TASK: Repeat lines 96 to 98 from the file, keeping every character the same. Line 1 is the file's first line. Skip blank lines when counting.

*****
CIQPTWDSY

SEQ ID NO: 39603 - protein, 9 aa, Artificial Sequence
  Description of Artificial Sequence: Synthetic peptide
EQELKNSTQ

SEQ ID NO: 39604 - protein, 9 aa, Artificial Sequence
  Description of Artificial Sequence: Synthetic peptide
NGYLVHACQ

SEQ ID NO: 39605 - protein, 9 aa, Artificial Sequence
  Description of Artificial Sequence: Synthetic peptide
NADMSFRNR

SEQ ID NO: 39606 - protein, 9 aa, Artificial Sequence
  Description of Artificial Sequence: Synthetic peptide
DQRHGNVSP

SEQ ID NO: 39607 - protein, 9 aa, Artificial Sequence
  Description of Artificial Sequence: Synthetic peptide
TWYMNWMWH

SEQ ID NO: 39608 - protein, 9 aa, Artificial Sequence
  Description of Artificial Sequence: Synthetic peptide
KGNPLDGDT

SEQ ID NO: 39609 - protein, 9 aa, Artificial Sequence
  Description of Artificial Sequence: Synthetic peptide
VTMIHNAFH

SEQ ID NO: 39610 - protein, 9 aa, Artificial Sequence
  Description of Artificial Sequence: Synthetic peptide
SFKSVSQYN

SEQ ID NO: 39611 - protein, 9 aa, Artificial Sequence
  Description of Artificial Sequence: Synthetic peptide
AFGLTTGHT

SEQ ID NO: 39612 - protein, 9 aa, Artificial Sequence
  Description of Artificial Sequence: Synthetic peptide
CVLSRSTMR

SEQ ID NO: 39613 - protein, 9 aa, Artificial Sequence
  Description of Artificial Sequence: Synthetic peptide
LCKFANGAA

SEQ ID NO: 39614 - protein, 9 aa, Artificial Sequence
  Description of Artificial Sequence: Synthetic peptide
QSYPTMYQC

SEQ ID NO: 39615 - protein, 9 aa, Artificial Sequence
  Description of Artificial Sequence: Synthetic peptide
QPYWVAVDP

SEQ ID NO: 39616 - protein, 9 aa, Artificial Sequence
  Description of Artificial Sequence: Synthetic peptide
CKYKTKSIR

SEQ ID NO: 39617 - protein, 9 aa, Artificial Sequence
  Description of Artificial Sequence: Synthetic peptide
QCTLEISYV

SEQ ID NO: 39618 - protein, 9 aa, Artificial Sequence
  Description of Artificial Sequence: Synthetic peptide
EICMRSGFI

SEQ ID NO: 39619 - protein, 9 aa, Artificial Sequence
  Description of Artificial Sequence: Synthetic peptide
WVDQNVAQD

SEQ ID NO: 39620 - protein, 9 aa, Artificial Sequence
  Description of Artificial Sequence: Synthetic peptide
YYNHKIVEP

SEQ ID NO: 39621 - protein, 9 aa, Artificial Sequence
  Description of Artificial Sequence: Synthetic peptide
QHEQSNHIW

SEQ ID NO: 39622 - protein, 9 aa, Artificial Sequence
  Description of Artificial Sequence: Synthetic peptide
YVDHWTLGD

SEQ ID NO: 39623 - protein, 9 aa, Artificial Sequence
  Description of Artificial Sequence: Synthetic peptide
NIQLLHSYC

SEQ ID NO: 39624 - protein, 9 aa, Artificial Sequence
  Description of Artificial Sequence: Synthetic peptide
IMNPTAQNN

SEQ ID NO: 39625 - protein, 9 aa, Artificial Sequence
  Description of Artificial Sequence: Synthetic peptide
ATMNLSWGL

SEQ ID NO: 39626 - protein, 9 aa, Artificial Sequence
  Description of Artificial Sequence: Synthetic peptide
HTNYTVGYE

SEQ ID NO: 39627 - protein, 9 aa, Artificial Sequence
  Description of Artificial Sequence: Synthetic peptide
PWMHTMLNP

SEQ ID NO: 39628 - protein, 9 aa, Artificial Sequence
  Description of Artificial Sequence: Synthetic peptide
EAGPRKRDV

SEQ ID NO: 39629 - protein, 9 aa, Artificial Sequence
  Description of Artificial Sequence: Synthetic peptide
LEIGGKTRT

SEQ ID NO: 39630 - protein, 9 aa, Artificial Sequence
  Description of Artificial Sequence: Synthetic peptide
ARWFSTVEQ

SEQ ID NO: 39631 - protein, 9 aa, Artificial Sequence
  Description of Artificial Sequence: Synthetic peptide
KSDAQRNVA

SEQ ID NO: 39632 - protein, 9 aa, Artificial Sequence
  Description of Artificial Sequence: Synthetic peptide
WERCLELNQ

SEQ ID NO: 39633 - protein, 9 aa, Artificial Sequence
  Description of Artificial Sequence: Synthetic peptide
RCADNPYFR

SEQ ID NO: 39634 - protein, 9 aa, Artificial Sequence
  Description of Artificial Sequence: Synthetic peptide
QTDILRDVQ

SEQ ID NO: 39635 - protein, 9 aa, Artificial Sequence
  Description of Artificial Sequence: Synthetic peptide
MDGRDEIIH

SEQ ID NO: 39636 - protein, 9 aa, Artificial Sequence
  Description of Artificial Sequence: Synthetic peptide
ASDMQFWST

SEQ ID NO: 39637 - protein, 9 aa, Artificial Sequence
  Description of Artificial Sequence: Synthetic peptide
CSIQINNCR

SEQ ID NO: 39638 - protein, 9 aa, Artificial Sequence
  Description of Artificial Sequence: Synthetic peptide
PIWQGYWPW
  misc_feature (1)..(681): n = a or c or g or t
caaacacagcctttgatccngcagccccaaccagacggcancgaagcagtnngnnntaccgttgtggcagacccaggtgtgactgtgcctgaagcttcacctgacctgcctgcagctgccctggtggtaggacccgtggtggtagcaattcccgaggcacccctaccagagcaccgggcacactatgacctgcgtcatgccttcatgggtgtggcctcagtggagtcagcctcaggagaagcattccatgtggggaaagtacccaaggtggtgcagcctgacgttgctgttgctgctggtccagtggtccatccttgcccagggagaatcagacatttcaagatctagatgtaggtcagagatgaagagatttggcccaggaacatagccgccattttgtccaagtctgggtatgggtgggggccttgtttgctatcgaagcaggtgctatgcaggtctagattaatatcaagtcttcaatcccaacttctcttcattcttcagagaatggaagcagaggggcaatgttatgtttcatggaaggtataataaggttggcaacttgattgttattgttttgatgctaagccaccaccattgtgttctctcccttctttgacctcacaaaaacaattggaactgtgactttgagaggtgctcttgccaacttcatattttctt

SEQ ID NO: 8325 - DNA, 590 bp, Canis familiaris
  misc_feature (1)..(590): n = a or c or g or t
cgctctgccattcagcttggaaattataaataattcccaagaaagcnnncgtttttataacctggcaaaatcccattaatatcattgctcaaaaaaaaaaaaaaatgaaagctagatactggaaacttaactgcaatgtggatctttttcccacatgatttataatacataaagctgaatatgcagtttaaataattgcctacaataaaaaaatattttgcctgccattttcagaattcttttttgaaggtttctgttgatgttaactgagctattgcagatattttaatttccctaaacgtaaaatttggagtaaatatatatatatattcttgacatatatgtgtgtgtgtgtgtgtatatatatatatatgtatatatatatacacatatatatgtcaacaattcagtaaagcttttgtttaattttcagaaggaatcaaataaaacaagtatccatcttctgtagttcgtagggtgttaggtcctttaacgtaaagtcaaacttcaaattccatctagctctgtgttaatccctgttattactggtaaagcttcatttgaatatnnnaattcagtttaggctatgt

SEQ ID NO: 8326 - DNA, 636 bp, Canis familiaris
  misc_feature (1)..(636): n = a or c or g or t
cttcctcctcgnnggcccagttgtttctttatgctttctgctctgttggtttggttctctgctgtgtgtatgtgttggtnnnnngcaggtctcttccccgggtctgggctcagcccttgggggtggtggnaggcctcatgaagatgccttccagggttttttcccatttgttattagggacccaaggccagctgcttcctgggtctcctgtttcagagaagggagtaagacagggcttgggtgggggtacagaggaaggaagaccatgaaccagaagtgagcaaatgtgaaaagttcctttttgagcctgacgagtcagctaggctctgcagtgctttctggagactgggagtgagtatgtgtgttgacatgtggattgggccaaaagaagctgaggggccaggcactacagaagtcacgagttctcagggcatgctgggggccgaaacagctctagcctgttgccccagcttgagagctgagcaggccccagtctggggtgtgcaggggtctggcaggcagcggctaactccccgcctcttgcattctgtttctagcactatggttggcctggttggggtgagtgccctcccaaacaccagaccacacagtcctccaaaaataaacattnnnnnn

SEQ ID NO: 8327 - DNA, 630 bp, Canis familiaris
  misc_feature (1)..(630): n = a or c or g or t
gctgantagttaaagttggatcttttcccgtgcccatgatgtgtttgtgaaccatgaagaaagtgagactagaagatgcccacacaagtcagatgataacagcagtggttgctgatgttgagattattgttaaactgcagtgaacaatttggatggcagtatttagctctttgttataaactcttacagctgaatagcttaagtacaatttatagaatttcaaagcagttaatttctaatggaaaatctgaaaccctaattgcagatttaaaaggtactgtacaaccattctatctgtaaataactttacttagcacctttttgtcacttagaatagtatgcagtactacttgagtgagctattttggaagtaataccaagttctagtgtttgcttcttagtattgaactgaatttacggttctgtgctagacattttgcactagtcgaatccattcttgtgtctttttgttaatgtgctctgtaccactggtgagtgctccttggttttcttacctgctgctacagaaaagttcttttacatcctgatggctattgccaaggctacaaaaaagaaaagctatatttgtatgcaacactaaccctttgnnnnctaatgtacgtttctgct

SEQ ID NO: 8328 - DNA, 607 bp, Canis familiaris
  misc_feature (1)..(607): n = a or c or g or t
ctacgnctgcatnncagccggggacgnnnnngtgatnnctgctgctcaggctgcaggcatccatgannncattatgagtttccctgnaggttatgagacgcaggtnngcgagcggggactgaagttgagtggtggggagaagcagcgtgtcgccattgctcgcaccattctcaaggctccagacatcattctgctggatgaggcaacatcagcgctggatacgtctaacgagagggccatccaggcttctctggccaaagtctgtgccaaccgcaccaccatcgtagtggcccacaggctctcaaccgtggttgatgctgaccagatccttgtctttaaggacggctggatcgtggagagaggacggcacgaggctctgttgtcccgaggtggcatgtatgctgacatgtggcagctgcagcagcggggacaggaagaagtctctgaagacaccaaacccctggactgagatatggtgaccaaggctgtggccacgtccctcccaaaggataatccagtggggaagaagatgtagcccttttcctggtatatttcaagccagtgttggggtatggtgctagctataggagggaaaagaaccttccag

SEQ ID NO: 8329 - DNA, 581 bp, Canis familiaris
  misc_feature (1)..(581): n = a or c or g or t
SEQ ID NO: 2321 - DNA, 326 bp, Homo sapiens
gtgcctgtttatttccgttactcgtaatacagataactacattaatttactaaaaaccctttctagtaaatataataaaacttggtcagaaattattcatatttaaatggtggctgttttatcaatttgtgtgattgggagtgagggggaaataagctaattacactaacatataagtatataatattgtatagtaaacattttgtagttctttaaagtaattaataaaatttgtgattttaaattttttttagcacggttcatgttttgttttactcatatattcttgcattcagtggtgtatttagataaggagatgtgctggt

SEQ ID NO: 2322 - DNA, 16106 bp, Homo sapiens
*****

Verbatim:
  Description of Artificial Sequence: Synthetic peptide
QTDILRDVQ

SEQ ID NO: 39635 - protein, 9 aa, Artificial Sequence